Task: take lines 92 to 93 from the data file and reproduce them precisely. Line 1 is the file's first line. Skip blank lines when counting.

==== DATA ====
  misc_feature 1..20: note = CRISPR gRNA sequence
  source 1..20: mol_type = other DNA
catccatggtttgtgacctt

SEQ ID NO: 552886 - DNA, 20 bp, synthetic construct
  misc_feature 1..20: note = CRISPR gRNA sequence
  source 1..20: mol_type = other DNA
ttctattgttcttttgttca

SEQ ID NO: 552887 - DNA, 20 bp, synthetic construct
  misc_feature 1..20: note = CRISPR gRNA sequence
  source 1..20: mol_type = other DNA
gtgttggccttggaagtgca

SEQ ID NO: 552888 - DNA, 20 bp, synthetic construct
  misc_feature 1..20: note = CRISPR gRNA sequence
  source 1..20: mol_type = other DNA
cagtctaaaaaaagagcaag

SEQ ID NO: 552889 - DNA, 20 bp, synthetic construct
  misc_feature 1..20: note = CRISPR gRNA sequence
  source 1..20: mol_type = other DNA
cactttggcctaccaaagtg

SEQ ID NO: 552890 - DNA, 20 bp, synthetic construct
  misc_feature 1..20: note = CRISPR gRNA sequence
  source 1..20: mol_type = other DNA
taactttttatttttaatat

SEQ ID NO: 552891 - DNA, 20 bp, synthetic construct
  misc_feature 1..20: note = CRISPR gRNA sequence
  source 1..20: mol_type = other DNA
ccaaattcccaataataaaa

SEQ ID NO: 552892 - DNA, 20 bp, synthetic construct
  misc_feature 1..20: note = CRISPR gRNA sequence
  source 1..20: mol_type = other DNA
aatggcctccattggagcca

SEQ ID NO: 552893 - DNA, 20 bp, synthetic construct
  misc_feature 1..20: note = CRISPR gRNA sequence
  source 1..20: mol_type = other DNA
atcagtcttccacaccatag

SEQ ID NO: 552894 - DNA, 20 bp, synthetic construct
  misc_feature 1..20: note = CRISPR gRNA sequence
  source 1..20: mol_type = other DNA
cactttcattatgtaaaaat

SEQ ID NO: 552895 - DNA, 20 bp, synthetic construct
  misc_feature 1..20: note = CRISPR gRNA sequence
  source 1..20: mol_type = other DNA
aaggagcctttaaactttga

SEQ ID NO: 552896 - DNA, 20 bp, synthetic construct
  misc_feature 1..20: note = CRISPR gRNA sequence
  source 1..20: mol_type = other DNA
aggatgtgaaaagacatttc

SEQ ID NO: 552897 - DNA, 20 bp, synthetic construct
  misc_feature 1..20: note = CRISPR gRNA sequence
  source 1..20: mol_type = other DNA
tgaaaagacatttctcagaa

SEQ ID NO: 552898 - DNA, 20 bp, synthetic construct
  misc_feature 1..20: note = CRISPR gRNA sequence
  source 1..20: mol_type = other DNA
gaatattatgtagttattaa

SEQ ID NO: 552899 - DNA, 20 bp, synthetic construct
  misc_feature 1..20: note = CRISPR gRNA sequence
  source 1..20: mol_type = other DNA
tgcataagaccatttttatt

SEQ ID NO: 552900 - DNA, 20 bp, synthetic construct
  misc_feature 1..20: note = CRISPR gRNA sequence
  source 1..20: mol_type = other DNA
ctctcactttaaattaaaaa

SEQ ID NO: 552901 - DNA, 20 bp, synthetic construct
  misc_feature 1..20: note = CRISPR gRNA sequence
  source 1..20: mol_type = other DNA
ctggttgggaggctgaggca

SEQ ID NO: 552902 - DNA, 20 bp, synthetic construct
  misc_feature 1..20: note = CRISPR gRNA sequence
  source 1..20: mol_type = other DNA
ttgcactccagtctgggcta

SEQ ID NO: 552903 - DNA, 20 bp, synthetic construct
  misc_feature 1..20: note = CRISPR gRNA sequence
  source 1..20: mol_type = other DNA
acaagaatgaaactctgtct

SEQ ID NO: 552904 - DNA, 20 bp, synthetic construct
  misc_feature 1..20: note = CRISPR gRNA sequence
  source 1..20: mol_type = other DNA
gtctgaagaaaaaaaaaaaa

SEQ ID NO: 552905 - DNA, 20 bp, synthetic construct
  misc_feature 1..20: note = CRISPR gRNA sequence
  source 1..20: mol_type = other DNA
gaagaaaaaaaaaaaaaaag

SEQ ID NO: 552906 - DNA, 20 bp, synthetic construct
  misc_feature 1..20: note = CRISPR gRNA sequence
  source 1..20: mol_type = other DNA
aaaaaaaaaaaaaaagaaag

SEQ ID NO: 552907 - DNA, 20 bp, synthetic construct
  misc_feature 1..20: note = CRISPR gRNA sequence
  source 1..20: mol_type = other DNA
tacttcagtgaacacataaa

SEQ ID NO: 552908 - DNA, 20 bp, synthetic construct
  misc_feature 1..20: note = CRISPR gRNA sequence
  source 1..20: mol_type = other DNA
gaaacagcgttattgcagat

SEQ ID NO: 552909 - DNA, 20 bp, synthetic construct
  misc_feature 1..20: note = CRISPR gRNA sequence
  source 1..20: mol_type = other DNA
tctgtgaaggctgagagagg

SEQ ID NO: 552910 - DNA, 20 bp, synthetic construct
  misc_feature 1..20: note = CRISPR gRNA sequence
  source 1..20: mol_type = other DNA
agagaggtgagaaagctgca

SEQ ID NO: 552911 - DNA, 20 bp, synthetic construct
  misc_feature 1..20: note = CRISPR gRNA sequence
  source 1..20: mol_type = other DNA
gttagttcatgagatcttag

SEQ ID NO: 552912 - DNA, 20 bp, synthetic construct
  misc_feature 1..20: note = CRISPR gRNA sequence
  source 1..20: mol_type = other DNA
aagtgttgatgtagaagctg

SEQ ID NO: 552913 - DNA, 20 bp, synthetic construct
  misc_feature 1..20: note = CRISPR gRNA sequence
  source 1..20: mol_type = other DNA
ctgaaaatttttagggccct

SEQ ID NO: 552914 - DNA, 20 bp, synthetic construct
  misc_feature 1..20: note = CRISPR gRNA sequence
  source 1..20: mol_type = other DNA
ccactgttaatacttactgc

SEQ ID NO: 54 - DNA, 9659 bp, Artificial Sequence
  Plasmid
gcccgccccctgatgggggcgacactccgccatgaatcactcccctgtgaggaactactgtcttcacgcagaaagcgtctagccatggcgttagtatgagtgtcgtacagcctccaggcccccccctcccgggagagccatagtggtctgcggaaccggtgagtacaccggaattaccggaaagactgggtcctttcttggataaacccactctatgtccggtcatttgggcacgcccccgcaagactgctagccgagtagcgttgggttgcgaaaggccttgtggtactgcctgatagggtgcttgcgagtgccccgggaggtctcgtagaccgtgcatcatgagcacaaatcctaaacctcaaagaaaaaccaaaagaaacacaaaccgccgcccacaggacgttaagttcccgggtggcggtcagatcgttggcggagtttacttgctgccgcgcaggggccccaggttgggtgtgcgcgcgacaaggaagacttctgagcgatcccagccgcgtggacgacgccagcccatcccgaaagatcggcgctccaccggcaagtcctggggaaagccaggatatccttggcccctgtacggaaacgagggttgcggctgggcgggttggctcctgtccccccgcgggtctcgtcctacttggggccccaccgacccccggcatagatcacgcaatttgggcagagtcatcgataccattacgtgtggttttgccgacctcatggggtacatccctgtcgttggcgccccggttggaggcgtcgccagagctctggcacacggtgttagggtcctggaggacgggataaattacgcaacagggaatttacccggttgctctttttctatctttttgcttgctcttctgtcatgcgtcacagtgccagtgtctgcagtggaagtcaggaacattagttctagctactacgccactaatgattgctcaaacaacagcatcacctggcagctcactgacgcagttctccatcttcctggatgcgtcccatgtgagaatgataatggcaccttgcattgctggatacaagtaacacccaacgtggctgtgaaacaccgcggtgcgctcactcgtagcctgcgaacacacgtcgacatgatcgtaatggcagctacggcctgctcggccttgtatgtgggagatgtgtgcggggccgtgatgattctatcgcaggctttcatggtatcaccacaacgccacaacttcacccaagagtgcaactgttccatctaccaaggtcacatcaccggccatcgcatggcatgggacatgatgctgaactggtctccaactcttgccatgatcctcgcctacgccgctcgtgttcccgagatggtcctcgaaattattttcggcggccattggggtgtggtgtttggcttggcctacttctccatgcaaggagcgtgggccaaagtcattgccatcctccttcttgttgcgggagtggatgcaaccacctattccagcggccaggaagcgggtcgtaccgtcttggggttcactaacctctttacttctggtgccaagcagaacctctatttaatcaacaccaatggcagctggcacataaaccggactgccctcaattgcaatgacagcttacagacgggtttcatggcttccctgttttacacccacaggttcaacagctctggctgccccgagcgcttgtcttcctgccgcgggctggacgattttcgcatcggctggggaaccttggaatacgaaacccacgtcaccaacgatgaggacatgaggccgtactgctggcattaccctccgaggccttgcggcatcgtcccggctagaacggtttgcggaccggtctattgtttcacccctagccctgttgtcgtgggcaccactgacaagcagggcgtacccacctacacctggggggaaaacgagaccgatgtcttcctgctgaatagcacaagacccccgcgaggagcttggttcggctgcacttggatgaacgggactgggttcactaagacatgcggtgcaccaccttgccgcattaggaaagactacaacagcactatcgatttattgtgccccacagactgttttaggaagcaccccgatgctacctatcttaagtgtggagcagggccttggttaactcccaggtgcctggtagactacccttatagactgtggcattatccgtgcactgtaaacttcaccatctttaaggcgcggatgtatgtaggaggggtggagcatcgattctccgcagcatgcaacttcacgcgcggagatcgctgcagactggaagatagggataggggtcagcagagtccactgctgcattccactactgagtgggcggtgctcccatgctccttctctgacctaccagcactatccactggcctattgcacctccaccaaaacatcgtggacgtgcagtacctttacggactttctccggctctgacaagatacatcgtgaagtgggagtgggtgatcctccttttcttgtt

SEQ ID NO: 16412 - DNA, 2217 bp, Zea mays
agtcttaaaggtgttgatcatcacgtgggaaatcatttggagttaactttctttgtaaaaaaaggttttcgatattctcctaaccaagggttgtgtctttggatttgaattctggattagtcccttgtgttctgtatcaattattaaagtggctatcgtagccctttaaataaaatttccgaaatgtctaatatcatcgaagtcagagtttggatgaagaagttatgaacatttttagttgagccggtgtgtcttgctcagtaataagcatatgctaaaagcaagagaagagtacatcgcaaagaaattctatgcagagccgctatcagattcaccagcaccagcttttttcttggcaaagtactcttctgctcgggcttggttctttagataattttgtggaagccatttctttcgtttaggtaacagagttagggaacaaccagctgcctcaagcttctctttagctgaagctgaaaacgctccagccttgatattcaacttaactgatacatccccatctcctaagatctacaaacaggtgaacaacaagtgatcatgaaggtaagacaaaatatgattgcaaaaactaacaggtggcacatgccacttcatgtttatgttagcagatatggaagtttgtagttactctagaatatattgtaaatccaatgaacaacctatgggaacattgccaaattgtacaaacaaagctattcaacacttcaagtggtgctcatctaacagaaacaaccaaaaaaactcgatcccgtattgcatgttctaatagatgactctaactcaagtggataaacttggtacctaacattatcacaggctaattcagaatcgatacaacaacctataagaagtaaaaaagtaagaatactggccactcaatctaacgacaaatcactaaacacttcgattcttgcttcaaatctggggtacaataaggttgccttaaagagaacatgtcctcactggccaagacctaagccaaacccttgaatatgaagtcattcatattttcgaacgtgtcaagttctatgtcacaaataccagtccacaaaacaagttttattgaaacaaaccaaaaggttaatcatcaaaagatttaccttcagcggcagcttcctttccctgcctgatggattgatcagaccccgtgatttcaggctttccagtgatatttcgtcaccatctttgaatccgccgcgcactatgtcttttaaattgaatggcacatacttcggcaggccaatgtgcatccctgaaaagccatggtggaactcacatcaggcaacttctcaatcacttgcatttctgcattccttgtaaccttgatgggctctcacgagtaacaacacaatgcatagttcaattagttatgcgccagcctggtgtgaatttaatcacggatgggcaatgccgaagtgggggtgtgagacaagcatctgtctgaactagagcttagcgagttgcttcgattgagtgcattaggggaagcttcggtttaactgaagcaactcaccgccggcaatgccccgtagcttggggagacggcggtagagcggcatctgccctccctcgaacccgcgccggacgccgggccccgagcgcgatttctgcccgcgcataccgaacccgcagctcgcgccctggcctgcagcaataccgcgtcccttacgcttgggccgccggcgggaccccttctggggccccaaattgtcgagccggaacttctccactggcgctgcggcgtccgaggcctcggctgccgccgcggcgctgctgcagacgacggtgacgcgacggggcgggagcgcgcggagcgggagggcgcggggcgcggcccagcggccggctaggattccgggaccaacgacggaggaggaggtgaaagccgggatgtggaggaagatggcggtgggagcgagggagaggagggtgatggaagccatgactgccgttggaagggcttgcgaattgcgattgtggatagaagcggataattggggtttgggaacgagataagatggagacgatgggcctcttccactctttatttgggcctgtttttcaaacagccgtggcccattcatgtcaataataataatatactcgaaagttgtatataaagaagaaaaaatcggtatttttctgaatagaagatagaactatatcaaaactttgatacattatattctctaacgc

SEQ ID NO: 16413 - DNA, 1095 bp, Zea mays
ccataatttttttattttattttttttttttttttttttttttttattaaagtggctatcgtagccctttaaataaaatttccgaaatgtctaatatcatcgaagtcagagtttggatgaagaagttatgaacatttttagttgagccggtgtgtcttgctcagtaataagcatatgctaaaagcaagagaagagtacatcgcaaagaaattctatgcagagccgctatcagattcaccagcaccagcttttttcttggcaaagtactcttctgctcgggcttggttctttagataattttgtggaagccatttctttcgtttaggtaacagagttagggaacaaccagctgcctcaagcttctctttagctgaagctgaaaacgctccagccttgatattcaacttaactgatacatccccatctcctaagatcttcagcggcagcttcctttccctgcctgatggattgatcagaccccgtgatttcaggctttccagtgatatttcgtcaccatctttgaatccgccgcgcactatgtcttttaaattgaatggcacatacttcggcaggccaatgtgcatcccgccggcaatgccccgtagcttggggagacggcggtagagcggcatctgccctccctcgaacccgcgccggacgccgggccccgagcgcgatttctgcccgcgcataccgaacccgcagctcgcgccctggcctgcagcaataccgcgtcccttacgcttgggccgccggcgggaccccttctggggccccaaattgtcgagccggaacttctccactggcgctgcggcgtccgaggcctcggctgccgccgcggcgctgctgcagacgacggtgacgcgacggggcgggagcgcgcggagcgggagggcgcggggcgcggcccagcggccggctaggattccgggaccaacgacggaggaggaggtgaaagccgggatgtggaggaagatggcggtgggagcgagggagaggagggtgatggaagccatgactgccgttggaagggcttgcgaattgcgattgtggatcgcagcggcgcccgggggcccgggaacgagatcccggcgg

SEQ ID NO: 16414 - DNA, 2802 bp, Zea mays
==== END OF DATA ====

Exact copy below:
SEQ ID NO: 552908 - DNA, 20 bp, synthetic construct
  misc_feature 1..20: note = CRISPR gRNA sequence